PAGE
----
The music industry has long been viewed as a canary in the mine for how media industries transition into the digital era. In many respects that role has now been outlived. Book publishers quickly realised that after a few short years they had moved beyond where the labels had got to in 10. Meanwhile games publishers (mobile, console and PC) have learned how to monetize their super fans in a way the music industry could only dream of. But it is the video sector that provides the starkest contrast.
39% of consumers regularly stream music for free, nearly four times the rate that pay for music subscriptions. While free tiers of paid services play a clearly defined subscriber acquisition role, the purpose of standalone free services is becoming less clear-cut:
- Old favourites trump new gems: Half of free streamers say they use these services mainly to listen to music they already know. While it would be unrealistic to expect anything other than the most on-trend of super fan to be spending all their time sampling new tunes, these trends illustrate that free on demand streaming services are most used as consumption destinations.
- The end goal has changed: Just under a third of free streamers go onto buy the music of artists they discover on these service while 37% simply stream newly discovered artists more. Both use cases will coexist for some time, but with with music purchasing fading phenomenon, the latter will dominate.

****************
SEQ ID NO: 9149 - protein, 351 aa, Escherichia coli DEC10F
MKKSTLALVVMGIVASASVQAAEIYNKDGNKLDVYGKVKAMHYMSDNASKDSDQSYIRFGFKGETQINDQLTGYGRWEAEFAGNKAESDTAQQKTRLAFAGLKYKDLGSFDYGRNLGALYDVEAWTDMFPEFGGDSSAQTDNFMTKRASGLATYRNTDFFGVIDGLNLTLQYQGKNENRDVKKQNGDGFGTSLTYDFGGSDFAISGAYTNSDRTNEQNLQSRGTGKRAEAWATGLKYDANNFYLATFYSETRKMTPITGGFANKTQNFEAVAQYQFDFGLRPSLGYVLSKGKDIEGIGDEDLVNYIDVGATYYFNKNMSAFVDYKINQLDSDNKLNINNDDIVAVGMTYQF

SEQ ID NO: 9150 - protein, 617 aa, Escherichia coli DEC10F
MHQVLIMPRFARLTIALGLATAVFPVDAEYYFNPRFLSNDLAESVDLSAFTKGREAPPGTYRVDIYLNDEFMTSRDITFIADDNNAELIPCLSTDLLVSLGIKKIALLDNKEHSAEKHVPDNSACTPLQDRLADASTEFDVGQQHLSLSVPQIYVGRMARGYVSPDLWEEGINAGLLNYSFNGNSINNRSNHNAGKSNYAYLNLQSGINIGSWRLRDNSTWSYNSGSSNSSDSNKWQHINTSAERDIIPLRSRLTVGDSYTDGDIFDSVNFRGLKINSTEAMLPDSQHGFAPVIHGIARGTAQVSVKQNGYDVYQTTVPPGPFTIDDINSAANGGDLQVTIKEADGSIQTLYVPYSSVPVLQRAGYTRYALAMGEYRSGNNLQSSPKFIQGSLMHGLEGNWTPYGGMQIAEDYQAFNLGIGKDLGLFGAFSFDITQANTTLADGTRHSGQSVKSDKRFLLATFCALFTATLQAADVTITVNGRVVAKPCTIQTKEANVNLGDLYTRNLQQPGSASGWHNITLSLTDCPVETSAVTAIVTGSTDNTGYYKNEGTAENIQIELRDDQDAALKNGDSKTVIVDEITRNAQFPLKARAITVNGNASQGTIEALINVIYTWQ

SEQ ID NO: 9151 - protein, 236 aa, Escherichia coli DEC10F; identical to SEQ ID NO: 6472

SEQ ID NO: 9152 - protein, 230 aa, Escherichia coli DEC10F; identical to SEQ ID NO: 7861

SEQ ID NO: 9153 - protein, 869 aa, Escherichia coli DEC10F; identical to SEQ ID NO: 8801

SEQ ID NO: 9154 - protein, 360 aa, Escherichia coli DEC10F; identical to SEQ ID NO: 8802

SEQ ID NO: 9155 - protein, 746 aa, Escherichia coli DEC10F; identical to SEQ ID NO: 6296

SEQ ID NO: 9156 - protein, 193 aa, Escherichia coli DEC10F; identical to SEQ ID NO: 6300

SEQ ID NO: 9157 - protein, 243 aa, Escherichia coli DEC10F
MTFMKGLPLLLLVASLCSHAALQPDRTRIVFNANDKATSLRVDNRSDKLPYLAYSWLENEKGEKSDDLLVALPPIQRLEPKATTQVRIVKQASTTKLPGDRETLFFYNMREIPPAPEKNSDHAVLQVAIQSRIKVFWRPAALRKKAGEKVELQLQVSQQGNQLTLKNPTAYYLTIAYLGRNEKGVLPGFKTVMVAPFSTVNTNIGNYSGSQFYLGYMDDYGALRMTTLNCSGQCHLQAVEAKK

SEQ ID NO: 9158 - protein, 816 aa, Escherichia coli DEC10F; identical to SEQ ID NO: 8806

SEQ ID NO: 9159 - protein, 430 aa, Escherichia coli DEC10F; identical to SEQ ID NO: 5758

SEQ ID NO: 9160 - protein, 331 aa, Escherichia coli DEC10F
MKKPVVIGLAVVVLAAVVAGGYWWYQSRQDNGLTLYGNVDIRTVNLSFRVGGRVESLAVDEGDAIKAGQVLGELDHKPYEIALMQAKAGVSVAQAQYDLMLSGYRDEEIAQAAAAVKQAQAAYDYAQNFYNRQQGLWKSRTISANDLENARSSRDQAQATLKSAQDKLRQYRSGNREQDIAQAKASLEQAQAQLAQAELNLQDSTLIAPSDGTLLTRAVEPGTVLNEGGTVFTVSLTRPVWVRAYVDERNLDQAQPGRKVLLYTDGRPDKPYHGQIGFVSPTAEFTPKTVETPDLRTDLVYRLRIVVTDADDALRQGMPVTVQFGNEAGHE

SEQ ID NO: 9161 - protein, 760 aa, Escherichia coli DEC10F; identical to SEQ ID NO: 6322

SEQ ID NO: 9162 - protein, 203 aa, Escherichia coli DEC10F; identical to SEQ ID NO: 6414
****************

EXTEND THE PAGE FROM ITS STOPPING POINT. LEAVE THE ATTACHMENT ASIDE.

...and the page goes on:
The TV business is of course a vastly bigger one than music but it is, in years spent terms at least, at far earlier stage of its streaming subscription transition. And yet already there are more than twice as many online video subscribers as there are music subscribers and the nascent online video subscription market is already bigger than the entire recorded music business.
Even discounting the relative scales of each business, the comparisons illustrate the contrast between what can be achieved with a niche product aimed at largely male, high spending super fans (music) and the reach a lower priced, more broadly targeted product can do (even with the hindrance of limited catalogues).
The days of other media industries learning from the music industry are gone. Now it is time for the music industry to heed its lessons from its peers.
I just published a post over on MIDiA on why Apple Music has launched on Android. You can read the post here.
I’m going to continue to blog as usual here, especially the bigger think pieces – there’s one on next-gen labels coming tomorrow, but I’ll be using the MIDiA blog for more of the news-led quick takes.